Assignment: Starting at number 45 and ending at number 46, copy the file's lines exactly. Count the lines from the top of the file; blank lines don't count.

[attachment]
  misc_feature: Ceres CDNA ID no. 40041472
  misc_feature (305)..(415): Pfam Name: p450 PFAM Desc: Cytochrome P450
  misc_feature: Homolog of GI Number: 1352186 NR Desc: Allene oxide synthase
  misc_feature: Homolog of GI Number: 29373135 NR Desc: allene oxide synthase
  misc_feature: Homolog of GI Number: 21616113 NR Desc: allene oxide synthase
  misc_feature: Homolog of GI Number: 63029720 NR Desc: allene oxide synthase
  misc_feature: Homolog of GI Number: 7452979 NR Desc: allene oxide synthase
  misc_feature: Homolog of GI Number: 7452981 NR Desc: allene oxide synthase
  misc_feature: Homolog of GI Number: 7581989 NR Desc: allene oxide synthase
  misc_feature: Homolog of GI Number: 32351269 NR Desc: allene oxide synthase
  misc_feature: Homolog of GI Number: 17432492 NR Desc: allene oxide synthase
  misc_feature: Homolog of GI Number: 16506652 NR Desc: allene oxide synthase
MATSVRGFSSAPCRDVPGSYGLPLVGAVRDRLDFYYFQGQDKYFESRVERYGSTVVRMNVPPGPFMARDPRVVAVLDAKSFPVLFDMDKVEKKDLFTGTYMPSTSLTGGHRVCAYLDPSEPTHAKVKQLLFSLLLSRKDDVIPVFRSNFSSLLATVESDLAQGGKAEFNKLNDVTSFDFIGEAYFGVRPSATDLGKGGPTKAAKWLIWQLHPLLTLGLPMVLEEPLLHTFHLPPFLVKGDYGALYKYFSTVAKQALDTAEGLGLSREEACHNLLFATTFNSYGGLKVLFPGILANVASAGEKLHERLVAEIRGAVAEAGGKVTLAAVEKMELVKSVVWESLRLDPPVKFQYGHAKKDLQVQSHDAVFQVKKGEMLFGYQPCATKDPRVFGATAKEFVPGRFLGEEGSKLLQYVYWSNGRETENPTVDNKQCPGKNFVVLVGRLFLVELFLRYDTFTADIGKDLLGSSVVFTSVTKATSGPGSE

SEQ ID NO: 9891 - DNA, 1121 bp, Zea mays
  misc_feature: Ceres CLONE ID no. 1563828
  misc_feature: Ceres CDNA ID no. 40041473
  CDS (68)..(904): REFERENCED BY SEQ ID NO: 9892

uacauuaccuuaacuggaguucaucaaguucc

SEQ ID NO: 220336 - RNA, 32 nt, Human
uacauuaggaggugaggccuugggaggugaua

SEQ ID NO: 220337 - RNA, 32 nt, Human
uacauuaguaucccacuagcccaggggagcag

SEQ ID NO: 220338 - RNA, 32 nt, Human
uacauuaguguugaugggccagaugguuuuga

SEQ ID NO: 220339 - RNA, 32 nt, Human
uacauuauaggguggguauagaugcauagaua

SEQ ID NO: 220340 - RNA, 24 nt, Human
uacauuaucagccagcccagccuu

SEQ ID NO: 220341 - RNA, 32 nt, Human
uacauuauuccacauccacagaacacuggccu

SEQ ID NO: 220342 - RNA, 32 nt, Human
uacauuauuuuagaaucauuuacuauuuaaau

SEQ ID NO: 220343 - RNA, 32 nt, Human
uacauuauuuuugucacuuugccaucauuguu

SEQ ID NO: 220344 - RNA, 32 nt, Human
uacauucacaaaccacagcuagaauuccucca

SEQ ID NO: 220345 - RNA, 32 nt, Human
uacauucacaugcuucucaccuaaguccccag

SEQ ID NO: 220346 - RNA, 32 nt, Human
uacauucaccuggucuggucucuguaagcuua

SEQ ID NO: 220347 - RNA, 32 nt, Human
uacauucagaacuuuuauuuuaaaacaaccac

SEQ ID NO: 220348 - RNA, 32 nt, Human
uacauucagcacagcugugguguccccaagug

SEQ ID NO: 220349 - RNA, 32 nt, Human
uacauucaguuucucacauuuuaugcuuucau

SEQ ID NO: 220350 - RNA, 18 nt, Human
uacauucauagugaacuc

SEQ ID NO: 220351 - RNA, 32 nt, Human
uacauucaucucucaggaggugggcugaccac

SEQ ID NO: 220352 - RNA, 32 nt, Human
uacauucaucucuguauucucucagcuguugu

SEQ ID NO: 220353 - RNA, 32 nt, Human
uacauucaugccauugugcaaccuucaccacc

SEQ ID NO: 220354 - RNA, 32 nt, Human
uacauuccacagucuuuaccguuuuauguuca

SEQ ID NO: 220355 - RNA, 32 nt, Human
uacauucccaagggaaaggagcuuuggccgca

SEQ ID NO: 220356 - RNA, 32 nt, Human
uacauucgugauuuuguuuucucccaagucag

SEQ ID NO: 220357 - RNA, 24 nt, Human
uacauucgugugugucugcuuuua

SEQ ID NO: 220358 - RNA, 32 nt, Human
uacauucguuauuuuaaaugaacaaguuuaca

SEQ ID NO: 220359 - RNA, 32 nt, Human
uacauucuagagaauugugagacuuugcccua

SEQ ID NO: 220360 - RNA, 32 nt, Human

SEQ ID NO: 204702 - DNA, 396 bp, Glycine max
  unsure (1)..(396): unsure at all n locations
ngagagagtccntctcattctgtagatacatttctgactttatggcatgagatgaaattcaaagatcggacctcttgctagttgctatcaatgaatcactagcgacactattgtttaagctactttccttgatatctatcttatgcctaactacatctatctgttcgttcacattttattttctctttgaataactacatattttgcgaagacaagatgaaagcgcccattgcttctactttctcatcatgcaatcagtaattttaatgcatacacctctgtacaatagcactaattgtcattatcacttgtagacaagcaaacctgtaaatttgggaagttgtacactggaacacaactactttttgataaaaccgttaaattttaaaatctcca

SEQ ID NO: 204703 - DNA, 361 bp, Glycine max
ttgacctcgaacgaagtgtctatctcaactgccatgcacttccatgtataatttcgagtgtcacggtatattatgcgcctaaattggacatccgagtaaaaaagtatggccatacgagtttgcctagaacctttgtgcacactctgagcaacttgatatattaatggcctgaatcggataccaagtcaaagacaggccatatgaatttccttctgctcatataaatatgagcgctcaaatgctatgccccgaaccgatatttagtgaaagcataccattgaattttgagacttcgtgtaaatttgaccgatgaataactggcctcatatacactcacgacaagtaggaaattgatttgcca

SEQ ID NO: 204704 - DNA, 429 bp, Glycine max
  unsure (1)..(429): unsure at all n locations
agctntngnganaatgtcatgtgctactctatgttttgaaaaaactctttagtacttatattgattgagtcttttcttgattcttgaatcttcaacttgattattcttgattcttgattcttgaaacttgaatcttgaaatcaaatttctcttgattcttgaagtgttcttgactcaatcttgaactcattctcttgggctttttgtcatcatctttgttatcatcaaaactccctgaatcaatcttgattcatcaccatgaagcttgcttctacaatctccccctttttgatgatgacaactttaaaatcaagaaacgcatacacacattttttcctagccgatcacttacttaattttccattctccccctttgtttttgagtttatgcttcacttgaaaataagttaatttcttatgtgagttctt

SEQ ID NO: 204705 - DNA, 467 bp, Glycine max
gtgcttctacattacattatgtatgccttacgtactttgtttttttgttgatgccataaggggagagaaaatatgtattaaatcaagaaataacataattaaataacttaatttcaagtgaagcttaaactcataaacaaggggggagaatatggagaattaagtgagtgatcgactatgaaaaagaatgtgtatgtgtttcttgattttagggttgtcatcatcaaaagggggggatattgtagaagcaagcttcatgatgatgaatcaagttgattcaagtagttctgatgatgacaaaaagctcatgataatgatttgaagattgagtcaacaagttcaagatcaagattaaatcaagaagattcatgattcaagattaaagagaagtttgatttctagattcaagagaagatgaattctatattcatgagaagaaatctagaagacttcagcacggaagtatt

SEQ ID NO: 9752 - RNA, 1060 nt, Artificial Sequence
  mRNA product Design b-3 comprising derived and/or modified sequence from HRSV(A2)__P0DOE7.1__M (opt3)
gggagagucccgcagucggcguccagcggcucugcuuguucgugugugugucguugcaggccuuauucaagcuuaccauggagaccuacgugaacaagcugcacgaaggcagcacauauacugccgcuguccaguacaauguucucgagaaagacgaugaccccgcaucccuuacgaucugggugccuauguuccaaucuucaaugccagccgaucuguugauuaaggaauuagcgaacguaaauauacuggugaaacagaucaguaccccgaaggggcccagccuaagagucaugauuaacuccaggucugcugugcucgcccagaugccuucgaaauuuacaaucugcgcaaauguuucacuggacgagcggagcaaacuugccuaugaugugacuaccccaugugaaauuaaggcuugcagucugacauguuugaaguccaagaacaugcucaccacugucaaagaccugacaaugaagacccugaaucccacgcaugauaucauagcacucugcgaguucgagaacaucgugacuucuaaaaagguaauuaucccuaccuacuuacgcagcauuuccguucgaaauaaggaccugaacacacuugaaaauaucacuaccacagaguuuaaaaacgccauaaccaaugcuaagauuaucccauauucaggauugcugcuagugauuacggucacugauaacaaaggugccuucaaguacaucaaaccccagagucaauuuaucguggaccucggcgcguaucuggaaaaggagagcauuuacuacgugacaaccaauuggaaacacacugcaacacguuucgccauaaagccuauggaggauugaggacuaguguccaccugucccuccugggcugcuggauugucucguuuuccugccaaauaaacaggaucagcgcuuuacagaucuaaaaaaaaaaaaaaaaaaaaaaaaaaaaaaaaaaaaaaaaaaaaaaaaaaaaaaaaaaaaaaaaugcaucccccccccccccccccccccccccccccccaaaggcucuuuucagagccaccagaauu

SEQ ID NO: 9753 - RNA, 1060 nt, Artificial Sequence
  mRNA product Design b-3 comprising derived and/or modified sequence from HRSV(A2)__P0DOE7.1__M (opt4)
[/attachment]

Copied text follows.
SEQ ID NO: 220349 - RNA, 32 nt, Human
uacauucaguuucucacauuuuaugcuuucau